Using the Internet to Jump the Competition
Welcome to the new Sideroad series, The Passing Lane; Passing the Competition Online. The goal
here is to help business professionals learn to use the
Internet and the Web to become more successful. I'll be
talking about Internet marketing and ways to gain the
competitive edge for your business by using the Net to its
full potential. I'd like to start off with a look at a
recent news story that caught my attention. It's a perfect
example of why some businesses are successful on-line while
others are not.
Reuters carried a story about Barnes & Noble
(www.barnesandnoble.com) and how they are selling off 20%
of their on-line business. Both barnesandnoble.com and
Amazon.com, its main competitor, are posting losses of $23
million and $21.2 million respectively in the second
quarter of this year. But Amazon.com's stock is soaring
at $129.375 a share, while Barnes & Noble's stock was
trading at $39 3/4 on the same day. One industry analyst,
Ehrenkrantz King Nussbaum stated, "This is really part of a
war. Barnes & Noble is considered No. 1 in the industry,
but it looks like a No 2 in the stock market."
How can this be? Why would a big powerhouse like Barnes &
Noble have a stock price so far below Amazon's? There are
two reasons for this apparently unfair phenomenon.
First, although Barnes & Noble is #1 in the bookstore
market, they aren't #1 in the "on-line bookstore" market.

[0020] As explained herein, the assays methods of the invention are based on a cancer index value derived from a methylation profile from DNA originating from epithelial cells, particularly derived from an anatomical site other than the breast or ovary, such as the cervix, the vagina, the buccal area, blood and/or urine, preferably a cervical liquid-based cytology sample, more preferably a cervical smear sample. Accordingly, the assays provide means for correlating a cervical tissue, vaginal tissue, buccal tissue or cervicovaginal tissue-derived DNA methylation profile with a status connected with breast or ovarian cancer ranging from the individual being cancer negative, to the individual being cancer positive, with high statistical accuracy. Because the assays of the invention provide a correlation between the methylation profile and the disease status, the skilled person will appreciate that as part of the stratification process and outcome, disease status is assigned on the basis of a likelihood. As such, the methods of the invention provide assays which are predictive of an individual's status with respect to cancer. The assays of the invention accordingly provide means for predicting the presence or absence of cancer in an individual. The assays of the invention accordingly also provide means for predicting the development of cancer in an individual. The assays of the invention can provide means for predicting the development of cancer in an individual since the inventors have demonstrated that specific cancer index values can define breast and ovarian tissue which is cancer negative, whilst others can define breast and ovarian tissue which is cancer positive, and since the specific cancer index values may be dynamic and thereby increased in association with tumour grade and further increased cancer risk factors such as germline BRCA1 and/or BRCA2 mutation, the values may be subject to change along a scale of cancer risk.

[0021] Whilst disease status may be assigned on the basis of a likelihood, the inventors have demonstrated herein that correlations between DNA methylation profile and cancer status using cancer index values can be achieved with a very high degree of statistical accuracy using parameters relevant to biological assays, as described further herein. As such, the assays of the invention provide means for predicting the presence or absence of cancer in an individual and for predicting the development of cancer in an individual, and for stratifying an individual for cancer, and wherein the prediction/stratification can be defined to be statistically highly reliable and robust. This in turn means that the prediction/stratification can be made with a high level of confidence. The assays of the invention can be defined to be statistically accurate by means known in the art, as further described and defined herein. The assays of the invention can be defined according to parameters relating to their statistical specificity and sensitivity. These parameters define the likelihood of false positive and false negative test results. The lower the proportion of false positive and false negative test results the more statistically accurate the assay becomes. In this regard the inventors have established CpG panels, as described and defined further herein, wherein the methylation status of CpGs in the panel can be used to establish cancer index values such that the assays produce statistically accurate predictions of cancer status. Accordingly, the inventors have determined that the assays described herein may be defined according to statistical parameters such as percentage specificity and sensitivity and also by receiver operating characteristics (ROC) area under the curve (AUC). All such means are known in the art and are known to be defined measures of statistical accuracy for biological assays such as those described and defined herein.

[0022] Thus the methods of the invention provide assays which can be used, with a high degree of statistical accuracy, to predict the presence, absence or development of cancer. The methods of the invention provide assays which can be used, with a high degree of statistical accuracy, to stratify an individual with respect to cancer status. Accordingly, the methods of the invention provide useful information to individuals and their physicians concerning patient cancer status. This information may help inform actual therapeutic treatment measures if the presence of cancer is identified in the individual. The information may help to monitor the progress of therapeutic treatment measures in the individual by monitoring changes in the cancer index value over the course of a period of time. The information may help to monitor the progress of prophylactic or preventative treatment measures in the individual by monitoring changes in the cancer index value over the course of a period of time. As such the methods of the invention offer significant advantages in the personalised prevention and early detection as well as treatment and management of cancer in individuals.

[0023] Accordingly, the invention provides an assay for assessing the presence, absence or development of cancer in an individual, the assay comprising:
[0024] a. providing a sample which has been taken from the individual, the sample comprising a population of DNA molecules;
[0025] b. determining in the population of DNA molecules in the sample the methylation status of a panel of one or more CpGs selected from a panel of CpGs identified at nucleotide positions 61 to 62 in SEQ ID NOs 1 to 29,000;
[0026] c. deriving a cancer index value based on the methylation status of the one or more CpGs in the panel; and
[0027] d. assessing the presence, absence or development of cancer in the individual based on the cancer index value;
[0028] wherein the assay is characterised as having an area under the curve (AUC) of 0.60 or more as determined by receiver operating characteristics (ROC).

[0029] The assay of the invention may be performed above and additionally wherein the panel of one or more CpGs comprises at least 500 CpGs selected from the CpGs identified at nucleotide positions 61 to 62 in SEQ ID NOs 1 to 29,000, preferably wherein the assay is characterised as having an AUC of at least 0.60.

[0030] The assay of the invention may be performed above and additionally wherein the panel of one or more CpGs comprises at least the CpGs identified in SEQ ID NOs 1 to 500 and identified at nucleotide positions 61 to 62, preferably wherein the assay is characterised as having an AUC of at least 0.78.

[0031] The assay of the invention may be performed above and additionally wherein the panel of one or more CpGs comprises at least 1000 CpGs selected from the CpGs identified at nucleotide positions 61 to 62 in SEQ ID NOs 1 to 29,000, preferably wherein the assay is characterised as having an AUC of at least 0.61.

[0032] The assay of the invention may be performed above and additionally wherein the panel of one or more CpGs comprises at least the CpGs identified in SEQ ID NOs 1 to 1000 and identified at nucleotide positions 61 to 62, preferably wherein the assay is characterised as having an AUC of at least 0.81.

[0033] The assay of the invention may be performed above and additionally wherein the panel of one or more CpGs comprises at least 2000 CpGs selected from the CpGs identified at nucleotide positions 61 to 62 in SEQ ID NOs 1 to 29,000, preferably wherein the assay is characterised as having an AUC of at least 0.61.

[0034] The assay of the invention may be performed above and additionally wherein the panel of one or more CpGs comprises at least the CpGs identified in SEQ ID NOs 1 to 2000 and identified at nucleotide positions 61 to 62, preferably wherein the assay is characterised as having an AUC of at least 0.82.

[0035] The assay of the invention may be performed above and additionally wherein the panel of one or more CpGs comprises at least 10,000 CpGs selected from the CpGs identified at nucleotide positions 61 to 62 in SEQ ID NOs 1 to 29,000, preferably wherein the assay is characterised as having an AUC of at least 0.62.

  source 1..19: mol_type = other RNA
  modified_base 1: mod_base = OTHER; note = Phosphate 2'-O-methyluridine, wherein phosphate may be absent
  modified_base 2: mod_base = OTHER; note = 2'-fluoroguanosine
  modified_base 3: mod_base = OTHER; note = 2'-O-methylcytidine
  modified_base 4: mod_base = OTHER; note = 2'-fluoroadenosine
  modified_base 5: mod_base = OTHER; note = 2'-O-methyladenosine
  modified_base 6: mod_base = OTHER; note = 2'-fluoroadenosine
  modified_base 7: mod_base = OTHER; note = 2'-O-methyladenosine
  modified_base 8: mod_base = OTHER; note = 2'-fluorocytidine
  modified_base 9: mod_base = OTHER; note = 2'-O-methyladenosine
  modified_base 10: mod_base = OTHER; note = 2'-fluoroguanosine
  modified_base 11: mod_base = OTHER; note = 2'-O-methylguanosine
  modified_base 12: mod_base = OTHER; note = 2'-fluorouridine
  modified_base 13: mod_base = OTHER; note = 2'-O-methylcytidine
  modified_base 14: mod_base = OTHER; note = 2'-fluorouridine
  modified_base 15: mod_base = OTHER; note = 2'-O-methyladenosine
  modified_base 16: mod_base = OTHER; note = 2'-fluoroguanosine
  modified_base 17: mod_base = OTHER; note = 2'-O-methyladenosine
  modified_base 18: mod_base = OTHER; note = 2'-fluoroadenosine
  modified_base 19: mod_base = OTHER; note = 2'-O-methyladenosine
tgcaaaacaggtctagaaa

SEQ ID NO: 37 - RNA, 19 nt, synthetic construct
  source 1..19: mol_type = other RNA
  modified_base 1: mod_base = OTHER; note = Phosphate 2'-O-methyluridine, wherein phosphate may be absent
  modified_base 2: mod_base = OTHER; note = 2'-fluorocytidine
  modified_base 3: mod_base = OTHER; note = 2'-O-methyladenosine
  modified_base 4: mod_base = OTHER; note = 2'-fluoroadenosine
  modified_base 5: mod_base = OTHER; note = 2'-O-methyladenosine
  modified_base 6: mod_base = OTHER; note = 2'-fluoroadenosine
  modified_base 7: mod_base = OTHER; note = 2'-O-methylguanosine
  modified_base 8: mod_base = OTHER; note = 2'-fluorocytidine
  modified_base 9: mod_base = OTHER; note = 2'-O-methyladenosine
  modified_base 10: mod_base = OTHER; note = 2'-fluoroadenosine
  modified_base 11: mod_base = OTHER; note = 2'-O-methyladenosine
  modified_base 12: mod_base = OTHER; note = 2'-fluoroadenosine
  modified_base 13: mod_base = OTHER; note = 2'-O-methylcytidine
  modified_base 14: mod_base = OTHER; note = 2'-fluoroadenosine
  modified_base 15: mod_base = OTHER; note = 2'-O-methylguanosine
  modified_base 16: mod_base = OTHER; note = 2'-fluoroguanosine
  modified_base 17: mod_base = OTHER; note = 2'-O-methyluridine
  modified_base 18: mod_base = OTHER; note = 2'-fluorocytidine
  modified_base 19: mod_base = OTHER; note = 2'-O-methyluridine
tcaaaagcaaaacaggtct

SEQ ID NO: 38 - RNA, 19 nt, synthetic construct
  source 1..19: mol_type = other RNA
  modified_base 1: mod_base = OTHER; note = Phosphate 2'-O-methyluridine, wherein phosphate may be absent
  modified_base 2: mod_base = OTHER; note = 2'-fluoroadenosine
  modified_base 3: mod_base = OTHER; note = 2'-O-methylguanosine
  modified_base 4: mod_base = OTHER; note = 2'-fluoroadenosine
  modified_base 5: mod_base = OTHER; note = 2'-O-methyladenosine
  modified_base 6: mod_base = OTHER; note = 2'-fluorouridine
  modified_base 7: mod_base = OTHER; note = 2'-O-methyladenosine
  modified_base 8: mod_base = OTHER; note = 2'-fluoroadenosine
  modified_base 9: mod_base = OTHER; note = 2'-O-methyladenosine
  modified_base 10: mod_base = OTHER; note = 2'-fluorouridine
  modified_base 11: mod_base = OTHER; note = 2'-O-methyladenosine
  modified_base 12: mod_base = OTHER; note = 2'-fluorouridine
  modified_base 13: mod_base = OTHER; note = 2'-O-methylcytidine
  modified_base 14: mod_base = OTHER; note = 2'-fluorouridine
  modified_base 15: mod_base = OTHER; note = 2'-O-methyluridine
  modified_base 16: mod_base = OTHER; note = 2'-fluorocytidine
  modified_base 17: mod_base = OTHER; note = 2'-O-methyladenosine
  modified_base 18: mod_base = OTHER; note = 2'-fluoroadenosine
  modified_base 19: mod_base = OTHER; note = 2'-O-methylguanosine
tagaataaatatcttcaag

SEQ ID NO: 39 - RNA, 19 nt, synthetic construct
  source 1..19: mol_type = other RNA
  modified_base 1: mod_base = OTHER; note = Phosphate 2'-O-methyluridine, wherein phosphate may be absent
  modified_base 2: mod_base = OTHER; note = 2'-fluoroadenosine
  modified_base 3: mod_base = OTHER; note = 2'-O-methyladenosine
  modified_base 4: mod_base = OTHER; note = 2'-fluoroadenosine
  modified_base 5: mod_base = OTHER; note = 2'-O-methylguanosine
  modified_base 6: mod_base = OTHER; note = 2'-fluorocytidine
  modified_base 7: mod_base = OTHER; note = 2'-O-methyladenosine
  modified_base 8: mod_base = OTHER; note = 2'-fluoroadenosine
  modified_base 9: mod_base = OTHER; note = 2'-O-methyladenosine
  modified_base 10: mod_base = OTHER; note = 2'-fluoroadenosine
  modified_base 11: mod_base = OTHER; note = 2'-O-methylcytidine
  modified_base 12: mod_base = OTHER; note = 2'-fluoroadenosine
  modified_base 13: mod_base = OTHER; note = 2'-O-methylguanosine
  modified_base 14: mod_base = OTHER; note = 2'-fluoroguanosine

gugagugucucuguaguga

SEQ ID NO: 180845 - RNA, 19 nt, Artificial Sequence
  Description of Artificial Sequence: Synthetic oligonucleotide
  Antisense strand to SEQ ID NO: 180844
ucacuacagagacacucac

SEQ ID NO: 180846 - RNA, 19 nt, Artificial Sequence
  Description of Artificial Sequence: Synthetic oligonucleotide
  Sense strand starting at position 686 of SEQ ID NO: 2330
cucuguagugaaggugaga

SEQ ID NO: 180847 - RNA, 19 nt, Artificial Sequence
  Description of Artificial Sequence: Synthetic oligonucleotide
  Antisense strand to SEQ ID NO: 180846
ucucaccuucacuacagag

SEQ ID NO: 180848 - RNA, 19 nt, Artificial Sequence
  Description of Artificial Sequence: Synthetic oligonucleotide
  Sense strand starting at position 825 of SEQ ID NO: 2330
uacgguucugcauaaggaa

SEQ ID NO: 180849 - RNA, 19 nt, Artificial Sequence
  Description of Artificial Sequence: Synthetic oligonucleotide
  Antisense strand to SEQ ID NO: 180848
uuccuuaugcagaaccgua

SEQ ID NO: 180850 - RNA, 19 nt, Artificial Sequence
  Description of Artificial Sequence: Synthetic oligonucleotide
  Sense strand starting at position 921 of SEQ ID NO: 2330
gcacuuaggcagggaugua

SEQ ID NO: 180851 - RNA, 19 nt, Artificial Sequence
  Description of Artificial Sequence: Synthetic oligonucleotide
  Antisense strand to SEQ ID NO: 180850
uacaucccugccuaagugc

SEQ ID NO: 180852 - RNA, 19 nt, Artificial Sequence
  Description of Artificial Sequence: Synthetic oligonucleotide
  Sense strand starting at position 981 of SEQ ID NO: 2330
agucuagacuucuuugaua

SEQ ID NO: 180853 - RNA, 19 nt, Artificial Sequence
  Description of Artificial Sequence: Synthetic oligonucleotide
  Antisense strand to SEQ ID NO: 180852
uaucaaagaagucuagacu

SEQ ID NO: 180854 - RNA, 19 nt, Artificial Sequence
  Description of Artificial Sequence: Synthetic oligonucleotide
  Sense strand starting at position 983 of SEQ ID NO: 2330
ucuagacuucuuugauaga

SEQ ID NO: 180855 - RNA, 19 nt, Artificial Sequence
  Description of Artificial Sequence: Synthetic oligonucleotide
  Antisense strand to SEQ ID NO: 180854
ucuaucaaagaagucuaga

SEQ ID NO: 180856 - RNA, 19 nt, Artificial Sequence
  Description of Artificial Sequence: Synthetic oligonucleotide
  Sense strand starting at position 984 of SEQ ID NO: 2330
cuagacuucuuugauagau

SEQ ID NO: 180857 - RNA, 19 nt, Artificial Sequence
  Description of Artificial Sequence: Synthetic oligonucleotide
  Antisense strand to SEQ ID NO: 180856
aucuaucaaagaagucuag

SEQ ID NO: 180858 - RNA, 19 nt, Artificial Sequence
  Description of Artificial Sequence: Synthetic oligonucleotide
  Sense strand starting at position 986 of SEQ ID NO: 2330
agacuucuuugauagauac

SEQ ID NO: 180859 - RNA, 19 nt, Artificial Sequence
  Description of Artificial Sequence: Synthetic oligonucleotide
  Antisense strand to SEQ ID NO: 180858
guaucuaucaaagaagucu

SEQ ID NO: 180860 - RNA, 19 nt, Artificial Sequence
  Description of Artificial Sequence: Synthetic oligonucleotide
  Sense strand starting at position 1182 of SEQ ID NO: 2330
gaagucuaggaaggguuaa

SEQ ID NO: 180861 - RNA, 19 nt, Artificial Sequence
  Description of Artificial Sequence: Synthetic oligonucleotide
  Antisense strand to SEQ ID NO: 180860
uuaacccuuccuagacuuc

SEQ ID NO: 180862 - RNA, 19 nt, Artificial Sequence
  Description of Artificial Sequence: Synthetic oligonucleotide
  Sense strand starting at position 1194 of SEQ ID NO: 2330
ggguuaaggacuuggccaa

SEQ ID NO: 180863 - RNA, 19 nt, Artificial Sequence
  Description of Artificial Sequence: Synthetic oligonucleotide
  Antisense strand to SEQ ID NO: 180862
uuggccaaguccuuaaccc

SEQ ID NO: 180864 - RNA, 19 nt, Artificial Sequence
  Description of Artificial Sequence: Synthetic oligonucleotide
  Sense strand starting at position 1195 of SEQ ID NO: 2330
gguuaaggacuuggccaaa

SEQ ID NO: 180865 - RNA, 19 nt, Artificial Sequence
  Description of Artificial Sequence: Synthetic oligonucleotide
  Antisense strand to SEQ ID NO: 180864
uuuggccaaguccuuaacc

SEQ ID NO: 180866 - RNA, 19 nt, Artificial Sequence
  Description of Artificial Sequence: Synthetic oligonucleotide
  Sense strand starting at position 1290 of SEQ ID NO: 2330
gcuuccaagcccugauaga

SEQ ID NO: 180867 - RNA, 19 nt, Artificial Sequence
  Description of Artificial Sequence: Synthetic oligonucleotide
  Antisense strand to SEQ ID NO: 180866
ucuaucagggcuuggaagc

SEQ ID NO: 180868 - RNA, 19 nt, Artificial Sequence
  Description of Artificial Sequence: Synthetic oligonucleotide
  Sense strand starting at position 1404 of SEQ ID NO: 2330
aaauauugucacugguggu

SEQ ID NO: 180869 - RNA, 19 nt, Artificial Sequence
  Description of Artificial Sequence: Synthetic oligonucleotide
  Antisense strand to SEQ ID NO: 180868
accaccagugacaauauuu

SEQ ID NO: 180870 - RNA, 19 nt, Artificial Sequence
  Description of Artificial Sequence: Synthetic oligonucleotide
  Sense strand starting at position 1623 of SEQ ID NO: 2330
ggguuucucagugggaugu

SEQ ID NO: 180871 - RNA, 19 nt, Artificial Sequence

The first rule of marketing tells us that to be a leader,
you have to be first in the mind of the prospect. Whoever
gets into the prospect's mind first, wins. Think about it.
Xerox was first in copiers, Jell-O was first in gelatin,
and Amazon was first in on-line bookstores. Barnes & Noble
may have gotten established first in the physical bookstore
market, but Amazon beat them to the punch on-line.
The second reason for the disparity in stock prices is that
the Internet is what's hot on the stock market these days.
People see potential there. There's that speculative
uncertainty and possibility about it. But, the bookstore
market is a well-known one. It's a tried and proven market.
There's no room for speculation there. As the Web becomes a
more stable environment, the run-away stock prices of
net-based corporations will stabilize as well. I'm no
stockbroker, but I'd say a stock price of $129.375 a share
is a little over inflated and probably won't last for long.
What can we learn from this? It pays to be on the fringe -
the frontier - the first - even if you have to make up a
new category to do it. Amazon would have failed miserably
if they'd tried to open a physical storefront. Instead,
they created a whole new category as an on-line bookstore
and became the first in that new category.
Look at your competition and how they are going (or have
gone) on-line. What aspect of their business are they
promoting? Don't just jump on the same bandwagon. Find
something you do differently, something that sets you apart
and become "first" to be known for it on-line. Put all your
marketing efforts into promoting your category on-line, and
you'll be positioning yourself for success.